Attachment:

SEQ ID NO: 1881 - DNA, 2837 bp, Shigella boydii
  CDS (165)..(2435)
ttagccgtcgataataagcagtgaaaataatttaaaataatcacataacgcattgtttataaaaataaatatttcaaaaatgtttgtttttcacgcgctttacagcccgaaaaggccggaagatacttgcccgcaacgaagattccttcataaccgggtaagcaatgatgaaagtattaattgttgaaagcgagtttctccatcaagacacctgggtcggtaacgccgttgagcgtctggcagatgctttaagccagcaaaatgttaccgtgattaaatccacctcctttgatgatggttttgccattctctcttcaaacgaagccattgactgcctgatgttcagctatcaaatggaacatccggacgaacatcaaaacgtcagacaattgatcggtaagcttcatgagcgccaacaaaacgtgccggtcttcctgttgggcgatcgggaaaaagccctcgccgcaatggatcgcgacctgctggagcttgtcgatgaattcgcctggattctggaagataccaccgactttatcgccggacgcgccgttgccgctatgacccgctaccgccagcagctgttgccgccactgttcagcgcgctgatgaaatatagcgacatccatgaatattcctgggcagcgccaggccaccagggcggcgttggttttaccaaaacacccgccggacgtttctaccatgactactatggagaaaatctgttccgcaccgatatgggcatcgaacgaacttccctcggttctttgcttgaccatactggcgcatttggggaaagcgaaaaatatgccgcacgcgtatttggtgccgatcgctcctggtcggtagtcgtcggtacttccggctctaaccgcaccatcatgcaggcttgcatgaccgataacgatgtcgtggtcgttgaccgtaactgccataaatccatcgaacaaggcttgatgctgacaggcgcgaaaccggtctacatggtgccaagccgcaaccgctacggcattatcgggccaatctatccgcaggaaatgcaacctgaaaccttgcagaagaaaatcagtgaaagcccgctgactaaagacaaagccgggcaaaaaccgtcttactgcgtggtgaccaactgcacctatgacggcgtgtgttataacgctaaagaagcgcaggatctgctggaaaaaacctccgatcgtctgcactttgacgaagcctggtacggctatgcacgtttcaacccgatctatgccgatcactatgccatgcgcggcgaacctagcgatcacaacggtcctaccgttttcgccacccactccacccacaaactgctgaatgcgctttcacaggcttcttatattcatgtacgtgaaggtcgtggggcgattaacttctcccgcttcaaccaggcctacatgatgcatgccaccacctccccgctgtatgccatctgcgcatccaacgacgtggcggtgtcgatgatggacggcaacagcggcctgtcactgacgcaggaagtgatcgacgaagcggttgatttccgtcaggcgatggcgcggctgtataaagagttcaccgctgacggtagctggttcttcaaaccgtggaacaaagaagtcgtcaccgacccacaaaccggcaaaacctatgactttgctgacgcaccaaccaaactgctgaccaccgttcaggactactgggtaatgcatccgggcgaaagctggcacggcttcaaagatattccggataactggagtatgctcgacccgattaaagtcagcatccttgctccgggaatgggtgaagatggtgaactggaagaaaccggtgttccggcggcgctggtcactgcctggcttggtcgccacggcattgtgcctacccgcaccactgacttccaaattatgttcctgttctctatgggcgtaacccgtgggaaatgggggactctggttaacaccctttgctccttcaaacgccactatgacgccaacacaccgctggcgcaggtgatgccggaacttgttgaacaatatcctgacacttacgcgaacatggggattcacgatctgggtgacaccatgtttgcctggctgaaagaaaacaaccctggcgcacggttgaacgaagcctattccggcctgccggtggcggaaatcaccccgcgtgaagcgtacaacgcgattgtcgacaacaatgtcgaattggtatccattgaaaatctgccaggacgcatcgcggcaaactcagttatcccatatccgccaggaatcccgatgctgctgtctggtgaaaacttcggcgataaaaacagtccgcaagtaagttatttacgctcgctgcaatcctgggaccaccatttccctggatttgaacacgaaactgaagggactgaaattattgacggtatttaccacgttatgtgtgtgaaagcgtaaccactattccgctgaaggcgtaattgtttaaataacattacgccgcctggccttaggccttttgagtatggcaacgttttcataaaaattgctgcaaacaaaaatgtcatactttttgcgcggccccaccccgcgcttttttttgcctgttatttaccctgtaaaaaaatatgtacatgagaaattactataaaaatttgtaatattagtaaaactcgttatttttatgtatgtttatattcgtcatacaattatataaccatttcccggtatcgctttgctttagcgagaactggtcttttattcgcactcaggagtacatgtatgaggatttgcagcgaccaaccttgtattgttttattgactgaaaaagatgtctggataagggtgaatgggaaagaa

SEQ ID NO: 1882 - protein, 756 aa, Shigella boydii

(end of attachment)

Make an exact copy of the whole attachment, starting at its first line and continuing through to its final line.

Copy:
SEQ ID NO: 1881 - DNA, 2837 bp, Shigella boydii
  CDS (165)..(2435)
ttagccgtcgataataagcagtgaaaataatttaaaataatcacataacgcattgtttataaaaataaatatttcaaaaatgtttgtttttcacgcgctttacagcccgaaaaggccggaagatacttgcccgcaacgaagattccttcataaccgggtaagcaatgatgaaagtattaattgttgaaagcgagtttctccatcaagacacctgggtcggtaacgccgttgagcgtctggcagatgctttaagccagcaaaatgttaccgtgattaaatccacctcctttgatgatggttttgccattctctcttcaaacgaagccattgactgcctgatgttcagctatcaaatggaacatccggacgaacatcaaaacgtcagacaattgatcggtaagcttcatgagcgccaacaaaacgtgccggtcttcctgttgggcgatcgggaaaaagccctcgccgcaatggatcgcgacctgctggagcttgtcgatgaattcgcctggattctggaagataccaccgactttatcgccggacgcgccgttgccgctatgacccgctaccgccagcagctgttgccgccactgttcagcgcgctgatgaaatatagcgacatccatgaatattcctgggcagcgccaggccaccagggcggcgttggttttaccaaaacacccgccggacgtttctaccatgactactatggagaaaatctgttccgcaccgatatgggcatcgaacgaacttccctcggttctttgcttgaccatactggcgcatttggggaaagcgaaaaatatgccgcacgcgtatttggtgccgatcgctcctggtcggtagtcgtcggtacttccggctctaaccgcaccatcatgcaggcttgcatgaccgataacgatgtcgtggtcgttgaccgtaactgccataaatccatcgaacaaggcttgatgctgacaggcgcgaaaccggtctacatggtgccaagccgcaaccgctacggcattatcgggccaatctatccgcaggaaatgcaacctgaaaccttgcagaagaaaatcagtgaaagcccgctgactaaagacaaagccgggcaaaaaccgtcttactgcgtggtgaccaactgcacctatgacggcgtgtgttataacgctaaagaagcgcaggatctgctggaaaaaacctccgatcgtctgcactttgacgaagcctggtacggctatgcacgtttcaacccgatctatgccgatcactatgccatgcgcggcgaacctagcgatcacaacggtcctaccgttttcgccacccactccacccacaaactgctgaatgcgctttcacaggcttcttatattcatgtacgtgaaggtcgtggggcgattaacttctcccgcttcaaccaggcctacatgatgcatgccaccacctccccgctgtatgccatctgcgcatccaacgacgtggcggtgtcgatgatggacggcaacagcggcctgtcactgacgcaggaagtgatcgacgaagcggttgatttccgtcaggcgatggcgcggctgtataaagagttcaccgctgacggtagctggttcttcaaaccgtggaacaaagaagtcgtcaccgacccacaaaccggcaaaacctatgactttgctgacgcaccaaccaaactgctgaccaccgttcaggactactgggtaatgcatccgggcgaaagctggcacggcttcaaagatattccggataactggagtatgctcgacccgattaaagtcagcatccttgctccgggaatgggtgaagatggtgaactggaagaaaccggtgttccggcggcgctggtcactgcctggcttggtcgccacggcattgtgcctacccgcaccactgacttccaaattatgttcctgttctctatgggcgtaacccgtgggaaatgggggactctggttaacaccctttgctccttcaaacgccactatgacgccaacacaccgctggcgcaggtgatgccggaacttgttgaacaatatcctgacacttacgcgaacatggggattcacgatctgggtgacaccatgtttgcctggctgaaagaaaacaaccctggcgcacggttgaacgaagcctattccggcctgccggtggcggaaatcaccccgcgtgaagcgtacaacgcgattgtcgacaacaatgtcgaattggtatccattgaaaatctgccaggacgcatcgcggcaaactcagttatcccatatccgccaggaatcccgatgctgctgtctggtgaaaacttcggcgataaaaacagtccgcaagtaagttatttacgctcgctgcaatcctgggaccaccatttccctggatttgaacacgaaactgaagggactgaaattattgacggtatttaccacgttatgtgtgtgaaagcgtaaccactattccgctgaaggcgtaattgtttaaataacattacgccgcctggccttaggccttttgagtatggcaacgttttcataaaaattgctgcaaacaaaaatgtcatactttttgcgcggccccaccccgcgcttttttttgcctgttatttaccctgtaaaaaaatatgtacatgagaaattactataaaaatttgtaatattagtaaaactcgttatttttatgtatgtttatattcgtcatacaattatataaccatttcccggtatcgctttgctttagcgagaactggtcttttattcgcactcaggagtacatgtatgaggatttgcagcgaccaaccttgtattgttttattgactgaaaaagatgtctggataagggtgaatgggaaagaa

SEQ ID NO: 1882 - protein, 756 aa, Shigella boydii